to Tiananmen Square the other day and realised
I hadn’t been there for about three years. That’s not uncommon; when you live
somewhere like Beijing,
the only time you go to the tourist spots is when a visitor is in town. Some
cities weave their sights with habitable areas; live in London
or New York
and you’ll pass by them every day without a second glance. Tiananmen isn’t like
Trafalgar or Times Square, part of the fabric of the city; it’s more like a
taped-off disaster zone.
I was visiting the National Museum of China, something
I hadn’t done since before the Olympics. I love museums, though I go through
them fast; I can take in a country’s entire history and self-image in an hour.
Maybe two, if it’s big.
It was much as I remembered; an ode of triumphalist
history with some very nice bronzeware. British 19th-century liberals believed
the whole course of human events had led up to the establishment of the most
benign form of government, which just so happened to be 19th-century
liberalism. And it seems the three – no, wait, four; no, hang on, five –
thousand years of Chinese history have also been leading up to perfection: also
known as the PRC.
Close by is the Urban Planning Exhibition Centre, which tells
a similar story about the growth of Beijing.
I will admit, though, that the giant scale-model of the city is great; shame
they won’t let you take toys there and simulate battles. And there are lots of flashing lights, which are essential to any exhibit. But there are other Chinese
museums that put forward their own side of the story. Tucked away in
nondescript buildings are 100 other histories, ranging from the State-approved
to the dissident to the bizarre.
There’s another museum of Urban Planning,
about the concept rather than the city itself. I tried to visit both on the
same day, but the traffic was far too bad to make it. There are the minority
museums, usually very heavy on costumes and less so on culture. There are about
a dozen sex museums in China, with uncomfortable-looking Ming dildos and erotic
paintings with earnest explanatory notes about their historical significance,
like my edition of Jing Ping Mei, which had a long introduction about how insightful
it is, and how long sequences of people saying, ‘Oh, Daddy, that’s right, take
your little whore!’ (sic!) are, in fact, biting social satire.
Paleolithic museum in the bottom of a shopping mall in Wangfujing. There’s the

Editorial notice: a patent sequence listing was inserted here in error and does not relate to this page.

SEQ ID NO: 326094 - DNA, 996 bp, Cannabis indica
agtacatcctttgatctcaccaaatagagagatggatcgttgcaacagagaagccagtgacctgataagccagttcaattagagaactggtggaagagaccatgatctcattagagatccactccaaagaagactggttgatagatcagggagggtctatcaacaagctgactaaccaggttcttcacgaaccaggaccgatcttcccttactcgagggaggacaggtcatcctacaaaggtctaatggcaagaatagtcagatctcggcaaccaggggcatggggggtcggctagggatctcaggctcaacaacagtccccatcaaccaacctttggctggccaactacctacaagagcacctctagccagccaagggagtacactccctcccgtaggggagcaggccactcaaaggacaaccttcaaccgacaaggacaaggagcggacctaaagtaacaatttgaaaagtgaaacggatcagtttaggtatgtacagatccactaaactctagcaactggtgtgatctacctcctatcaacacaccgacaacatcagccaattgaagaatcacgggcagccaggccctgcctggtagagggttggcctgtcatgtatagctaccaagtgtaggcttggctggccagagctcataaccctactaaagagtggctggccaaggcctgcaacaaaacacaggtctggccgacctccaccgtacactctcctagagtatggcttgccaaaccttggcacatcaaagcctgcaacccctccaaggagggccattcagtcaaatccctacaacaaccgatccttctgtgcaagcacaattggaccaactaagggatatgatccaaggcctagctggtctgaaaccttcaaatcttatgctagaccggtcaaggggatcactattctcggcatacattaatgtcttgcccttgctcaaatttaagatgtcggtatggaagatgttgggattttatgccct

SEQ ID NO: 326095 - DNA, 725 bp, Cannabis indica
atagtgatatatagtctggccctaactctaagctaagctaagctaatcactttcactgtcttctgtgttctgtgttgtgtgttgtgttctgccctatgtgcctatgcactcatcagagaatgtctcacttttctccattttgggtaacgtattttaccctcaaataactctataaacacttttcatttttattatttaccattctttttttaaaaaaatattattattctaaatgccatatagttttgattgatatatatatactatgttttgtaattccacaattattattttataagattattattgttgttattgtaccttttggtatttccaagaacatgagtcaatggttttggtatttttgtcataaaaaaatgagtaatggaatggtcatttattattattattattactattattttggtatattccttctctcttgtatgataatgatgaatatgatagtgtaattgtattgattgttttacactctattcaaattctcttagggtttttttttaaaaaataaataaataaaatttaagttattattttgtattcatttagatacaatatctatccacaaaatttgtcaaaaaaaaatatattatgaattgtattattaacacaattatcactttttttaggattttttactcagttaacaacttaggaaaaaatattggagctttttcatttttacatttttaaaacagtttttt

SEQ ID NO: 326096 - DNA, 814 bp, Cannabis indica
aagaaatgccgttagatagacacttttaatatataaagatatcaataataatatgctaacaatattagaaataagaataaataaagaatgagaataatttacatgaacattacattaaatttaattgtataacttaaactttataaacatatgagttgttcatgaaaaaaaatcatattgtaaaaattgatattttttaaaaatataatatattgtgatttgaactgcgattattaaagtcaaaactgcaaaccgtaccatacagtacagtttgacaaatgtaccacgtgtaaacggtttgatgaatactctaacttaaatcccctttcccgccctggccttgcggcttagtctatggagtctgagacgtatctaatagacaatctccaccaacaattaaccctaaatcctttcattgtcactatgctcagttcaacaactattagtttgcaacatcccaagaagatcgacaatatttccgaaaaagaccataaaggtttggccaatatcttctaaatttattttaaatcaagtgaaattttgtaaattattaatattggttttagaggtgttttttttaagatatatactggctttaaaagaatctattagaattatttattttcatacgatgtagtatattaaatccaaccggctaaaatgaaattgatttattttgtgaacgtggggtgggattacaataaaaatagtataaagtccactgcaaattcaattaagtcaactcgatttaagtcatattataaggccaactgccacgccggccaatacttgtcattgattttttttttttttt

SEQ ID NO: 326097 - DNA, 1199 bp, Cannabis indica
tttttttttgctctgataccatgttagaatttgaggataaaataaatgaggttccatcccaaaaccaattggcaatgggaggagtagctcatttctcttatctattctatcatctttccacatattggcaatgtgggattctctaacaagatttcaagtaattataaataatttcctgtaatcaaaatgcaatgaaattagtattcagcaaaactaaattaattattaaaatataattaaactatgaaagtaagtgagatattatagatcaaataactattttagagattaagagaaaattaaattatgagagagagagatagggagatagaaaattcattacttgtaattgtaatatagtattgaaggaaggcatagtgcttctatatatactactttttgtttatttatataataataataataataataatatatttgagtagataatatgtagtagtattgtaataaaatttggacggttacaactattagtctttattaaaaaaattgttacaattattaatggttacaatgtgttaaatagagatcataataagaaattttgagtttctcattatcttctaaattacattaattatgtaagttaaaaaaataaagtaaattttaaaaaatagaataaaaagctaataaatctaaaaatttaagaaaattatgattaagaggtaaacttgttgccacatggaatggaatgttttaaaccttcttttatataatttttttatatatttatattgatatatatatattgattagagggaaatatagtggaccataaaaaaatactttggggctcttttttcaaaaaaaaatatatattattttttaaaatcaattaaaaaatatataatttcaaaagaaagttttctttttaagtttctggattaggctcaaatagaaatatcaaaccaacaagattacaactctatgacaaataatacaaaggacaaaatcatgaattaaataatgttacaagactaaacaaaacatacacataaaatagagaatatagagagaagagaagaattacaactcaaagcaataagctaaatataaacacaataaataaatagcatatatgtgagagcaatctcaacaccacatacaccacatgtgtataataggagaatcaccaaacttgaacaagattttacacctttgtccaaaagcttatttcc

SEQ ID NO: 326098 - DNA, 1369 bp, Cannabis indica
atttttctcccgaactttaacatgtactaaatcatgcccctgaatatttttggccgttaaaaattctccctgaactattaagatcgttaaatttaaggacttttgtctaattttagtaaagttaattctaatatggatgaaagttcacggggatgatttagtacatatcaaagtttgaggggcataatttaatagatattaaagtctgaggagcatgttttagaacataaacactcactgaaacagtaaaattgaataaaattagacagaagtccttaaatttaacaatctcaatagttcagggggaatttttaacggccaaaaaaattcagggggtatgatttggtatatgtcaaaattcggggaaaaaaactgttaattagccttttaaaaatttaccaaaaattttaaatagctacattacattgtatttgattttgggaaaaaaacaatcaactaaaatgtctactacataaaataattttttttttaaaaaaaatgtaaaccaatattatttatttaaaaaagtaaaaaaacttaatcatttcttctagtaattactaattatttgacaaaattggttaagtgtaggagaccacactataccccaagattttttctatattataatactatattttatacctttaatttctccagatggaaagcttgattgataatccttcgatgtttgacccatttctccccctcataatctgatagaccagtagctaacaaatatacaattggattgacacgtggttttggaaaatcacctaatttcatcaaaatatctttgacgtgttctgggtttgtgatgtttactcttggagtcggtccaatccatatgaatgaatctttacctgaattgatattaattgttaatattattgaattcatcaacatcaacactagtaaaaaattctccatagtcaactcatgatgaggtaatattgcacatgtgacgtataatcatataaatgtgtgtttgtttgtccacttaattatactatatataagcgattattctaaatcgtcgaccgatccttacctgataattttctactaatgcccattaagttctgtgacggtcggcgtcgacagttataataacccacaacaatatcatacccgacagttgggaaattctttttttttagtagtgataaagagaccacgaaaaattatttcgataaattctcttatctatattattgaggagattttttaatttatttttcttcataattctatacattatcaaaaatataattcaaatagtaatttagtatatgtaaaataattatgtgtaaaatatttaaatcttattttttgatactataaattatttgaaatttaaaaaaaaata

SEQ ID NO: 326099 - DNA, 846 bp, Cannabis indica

Bee Museum, which claims that ‘Bees are our friends!’ (a lie, as my
six-year-old self will tell you). There’s the Tank Museum, which is awesome if,
like me, you like tanks, but very dull if, like my unfortunate fiancée, you
don’t. There are museums for specific substances – jade, sandalwood, glass.
king of these is the magnificent Museum of Concrete, uncovered by a colleague
out in the drowned wastelands of Fangshan. It is, naturally, in an abandoned factory,
and full of rusting equipment for drilling – or grinding! – concrete, though
sadly lacking in, say, the beautiful concrete jewellery of the early Han. There
are plenty of concrete Buddhas in Asia; they could have got one of those. I enjoy
a concrete museum as much as the next man, but this one seemed abstract: for no
particular reason, it has a collection of Japanese katana swords captured during
the war. Disappointingly, they are not made of concrete.
Dongzhimen’s Museum of
Tap Water runs a close second; it boasts the ‘90-year progress of Beijing tap water!’ –
presumably from the undrinkable stuff of today to the clean, fine supply of
The most touching thing is often the curators themselves. Some of the
small museums are literally a room in someone’s house, or a rented space for a
personal passion. Often you have to go and find the owner – who tends to be old
– to get in. At the museums for the Cultural Revolution – more common in China
than you’d think – they’re sombre older men, who spend their lives mulling over
what was done to them, or what they did.
I was once in either Gansu or Mongolia
– somewhere flat and bereft of civilization; it might have been Shunyi,
actually – where I visited a museum which was just a locked shed, in the
desert, with a phone number. You called it, and an hour later, a man showed up and
took you round. It took about 15 minutes and cost 10RMB. Now that’s devotion to